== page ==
Impact of infection on child development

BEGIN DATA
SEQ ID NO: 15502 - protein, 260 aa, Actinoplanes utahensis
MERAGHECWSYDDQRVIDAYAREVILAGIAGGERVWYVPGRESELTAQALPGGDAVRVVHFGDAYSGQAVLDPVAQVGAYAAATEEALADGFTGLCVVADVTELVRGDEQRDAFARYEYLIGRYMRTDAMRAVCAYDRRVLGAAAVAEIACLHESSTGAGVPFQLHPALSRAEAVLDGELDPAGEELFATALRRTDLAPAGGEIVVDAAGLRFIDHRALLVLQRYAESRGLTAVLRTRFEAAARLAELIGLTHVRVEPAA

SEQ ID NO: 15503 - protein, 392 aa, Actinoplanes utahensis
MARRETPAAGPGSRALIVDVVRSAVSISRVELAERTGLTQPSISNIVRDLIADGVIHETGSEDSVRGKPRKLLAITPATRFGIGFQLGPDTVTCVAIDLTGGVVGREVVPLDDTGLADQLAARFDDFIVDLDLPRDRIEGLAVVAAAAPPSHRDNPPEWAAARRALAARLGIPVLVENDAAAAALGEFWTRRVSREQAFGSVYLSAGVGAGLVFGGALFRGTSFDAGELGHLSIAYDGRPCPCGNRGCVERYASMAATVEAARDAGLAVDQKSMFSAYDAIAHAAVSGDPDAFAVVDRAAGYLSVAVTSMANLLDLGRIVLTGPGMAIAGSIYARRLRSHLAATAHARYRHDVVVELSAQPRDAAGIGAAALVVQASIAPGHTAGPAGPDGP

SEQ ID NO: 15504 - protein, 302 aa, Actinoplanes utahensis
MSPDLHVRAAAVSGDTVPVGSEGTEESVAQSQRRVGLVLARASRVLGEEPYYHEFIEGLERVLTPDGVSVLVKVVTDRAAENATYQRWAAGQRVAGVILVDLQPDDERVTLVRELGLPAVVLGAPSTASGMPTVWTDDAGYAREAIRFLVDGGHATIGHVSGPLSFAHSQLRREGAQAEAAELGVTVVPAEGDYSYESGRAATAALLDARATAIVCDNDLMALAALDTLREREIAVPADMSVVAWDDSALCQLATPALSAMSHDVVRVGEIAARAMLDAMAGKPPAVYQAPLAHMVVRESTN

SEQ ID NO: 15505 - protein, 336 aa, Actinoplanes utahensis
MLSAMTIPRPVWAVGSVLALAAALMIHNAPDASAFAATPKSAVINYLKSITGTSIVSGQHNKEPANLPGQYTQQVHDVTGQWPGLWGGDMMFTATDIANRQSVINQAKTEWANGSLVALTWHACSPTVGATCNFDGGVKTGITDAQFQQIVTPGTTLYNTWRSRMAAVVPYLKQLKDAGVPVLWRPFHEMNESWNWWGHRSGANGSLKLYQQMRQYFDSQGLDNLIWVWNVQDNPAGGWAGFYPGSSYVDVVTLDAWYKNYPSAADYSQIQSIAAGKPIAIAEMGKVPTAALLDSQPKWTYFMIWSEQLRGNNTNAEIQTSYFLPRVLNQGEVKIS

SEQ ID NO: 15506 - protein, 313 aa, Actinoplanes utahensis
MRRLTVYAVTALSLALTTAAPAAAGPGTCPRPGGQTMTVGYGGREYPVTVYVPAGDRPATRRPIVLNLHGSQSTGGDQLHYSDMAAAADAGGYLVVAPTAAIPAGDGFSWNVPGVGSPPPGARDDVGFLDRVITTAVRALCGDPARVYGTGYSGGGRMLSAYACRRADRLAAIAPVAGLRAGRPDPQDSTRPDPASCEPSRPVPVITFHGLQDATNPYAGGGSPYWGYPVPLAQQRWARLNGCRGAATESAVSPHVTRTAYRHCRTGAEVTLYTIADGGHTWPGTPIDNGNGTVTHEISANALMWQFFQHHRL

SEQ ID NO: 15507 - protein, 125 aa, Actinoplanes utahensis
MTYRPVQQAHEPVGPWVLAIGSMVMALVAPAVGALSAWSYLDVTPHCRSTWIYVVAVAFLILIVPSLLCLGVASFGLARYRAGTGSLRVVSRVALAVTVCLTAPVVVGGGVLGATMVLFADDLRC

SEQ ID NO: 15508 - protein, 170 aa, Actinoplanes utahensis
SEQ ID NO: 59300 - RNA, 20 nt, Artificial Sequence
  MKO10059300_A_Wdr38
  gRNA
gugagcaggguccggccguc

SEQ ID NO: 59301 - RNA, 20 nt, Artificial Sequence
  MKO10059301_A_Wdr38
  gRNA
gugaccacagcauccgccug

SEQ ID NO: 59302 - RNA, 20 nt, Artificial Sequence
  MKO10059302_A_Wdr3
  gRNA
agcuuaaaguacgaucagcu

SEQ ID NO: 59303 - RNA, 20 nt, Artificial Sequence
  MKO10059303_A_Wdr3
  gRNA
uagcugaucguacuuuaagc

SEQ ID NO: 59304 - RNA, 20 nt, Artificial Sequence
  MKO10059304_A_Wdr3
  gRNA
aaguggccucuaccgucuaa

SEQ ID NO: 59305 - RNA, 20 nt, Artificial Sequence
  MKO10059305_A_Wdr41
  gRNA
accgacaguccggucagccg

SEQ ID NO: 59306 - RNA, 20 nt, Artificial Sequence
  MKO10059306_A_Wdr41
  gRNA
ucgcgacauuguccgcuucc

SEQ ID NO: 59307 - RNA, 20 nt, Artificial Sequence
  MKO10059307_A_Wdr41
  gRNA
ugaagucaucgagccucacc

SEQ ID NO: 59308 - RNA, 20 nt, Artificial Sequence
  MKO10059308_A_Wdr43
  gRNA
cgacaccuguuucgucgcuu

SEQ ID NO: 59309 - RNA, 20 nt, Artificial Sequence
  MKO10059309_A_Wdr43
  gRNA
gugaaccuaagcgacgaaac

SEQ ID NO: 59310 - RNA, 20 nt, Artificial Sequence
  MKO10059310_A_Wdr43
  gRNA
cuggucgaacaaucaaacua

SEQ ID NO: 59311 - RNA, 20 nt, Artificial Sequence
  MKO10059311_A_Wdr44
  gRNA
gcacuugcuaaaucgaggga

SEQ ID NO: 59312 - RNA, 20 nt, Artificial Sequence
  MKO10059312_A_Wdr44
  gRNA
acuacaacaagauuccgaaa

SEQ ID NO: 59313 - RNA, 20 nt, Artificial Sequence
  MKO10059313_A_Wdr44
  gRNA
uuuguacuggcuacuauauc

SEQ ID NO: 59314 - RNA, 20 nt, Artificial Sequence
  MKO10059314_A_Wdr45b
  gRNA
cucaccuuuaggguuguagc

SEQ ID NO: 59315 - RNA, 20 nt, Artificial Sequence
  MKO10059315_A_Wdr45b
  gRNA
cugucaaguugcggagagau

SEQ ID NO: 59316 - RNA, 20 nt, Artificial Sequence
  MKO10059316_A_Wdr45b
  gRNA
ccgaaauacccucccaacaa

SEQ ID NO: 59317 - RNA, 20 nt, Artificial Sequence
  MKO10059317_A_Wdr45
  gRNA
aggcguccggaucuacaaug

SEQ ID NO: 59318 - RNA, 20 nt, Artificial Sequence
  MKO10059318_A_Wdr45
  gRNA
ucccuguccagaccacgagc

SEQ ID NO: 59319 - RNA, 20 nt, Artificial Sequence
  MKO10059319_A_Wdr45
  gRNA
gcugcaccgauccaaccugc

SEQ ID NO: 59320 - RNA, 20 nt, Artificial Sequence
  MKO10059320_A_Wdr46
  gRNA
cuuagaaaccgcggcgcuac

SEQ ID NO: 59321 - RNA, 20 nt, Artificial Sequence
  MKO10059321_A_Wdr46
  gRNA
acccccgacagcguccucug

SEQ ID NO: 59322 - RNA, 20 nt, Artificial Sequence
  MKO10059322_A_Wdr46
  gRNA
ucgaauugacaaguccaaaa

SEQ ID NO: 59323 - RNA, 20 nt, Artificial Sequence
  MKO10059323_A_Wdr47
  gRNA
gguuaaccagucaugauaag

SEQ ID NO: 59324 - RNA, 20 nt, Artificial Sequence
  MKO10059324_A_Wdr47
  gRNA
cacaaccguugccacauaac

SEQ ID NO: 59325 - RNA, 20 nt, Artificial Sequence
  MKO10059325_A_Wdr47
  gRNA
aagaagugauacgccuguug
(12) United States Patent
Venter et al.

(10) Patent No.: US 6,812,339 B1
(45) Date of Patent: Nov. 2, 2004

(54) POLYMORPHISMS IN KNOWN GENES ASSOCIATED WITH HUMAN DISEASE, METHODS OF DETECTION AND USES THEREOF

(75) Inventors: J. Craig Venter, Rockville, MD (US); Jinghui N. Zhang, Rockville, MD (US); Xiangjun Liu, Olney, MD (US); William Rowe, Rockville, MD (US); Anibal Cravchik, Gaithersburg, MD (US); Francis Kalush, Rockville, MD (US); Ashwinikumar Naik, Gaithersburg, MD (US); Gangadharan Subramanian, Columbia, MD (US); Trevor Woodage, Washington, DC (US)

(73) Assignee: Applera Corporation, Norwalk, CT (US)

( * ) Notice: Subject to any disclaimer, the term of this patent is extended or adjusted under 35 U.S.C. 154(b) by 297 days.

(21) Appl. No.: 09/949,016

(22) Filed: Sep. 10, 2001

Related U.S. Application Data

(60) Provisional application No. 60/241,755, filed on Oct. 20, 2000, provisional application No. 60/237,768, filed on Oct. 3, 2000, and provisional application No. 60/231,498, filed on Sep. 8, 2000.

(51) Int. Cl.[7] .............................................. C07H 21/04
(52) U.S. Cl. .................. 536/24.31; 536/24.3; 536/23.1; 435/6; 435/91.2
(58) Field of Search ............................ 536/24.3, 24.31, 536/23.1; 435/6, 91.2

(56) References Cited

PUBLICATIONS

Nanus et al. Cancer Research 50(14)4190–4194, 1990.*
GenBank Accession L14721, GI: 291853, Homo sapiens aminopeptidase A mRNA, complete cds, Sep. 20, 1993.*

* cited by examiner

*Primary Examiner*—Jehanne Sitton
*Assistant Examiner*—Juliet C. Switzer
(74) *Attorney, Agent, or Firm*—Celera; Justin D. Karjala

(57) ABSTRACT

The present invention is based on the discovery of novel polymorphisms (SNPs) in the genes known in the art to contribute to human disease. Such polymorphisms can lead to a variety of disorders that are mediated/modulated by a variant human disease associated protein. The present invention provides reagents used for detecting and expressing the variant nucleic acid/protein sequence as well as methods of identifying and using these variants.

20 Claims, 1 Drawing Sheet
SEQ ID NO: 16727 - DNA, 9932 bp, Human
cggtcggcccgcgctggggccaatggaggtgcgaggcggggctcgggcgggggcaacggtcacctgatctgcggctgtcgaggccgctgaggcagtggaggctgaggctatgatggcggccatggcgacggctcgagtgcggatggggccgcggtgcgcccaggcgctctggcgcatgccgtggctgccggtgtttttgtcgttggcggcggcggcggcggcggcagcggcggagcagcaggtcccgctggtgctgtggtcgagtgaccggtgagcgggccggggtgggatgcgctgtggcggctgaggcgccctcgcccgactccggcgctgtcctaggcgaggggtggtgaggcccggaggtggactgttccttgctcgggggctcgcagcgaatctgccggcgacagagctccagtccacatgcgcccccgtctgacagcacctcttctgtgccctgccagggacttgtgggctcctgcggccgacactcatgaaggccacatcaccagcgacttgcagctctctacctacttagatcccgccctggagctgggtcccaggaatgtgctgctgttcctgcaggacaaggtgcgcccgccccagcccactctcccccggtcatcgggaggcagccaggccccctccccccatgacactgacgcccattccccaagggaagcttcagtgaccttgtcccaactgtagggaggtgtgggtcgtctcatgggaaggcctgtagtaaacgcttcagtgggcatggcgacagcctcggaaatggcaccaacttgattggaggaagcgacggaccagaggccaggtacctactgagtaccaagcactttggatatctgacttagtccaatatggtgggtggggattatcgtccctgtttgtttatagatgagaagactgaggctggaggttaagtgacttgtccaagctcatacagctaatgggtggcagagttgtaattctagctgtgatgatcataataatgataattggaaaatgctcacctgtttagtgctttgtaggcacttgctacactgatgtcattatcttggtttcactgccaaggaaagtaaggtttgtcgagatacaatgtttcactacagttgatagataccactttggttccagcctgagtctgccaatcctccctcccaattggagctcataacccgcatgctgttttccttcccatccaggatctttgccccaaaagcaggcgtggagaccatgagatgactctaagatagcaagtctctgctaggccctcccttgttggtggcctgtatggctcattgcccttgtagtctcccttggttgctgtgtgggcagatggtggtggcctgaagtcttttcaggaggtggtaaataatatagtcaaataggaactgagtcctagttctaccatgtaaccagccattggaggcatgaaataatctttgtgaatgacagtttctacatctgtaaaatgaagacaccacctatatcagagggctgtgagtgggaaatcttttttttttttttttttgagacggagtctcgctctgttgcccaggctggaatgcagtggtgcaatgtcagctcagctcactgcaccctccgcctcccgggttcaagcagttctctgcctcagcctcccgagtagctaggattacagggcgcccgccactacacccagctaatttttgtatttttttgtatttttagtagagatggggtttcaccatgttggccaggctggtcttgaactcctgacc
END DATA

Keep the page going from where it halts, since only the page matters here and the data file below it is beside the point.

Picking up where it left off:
Dr. Petri started his career of independent investigation in molecular parasitology, an area of investigation that continues today. Child health as intrinsically part of the equation as the molecular parasitology work moved into human populations. It is through work with infants in the urban slums of Dhaka and Kolkata, initially started to study amebiasis, that we have been convinced of the importance of the health consequences of growing up in an environment of intense infectious disease pressure. We have focused on the impact on gut health of the multiple enteric infections that these children suffer. At any one time the average infant is infected with 2-4 different pathogens in their gut. We have shown that these children have gut and systemic inflammation and abnormal intestinal barrier function. In collaboration with Jeff Gordon’s group at Washington University, we have shown that children in this environment have abnormal maturation of the gut microbiota that is in turn associated with malnutrition. We are incorporating febrile illness and acute respiratory infection in our surveillance and have already shown in a collaboration with Emily Gurley at icddr,b that indoor air pollutants are associated with an earlier age of acute respiratory infection. Current work includes measuring the consequences of infection on nutrition and child development, and continuing our study of host determinants of susceptibility to enteric infection.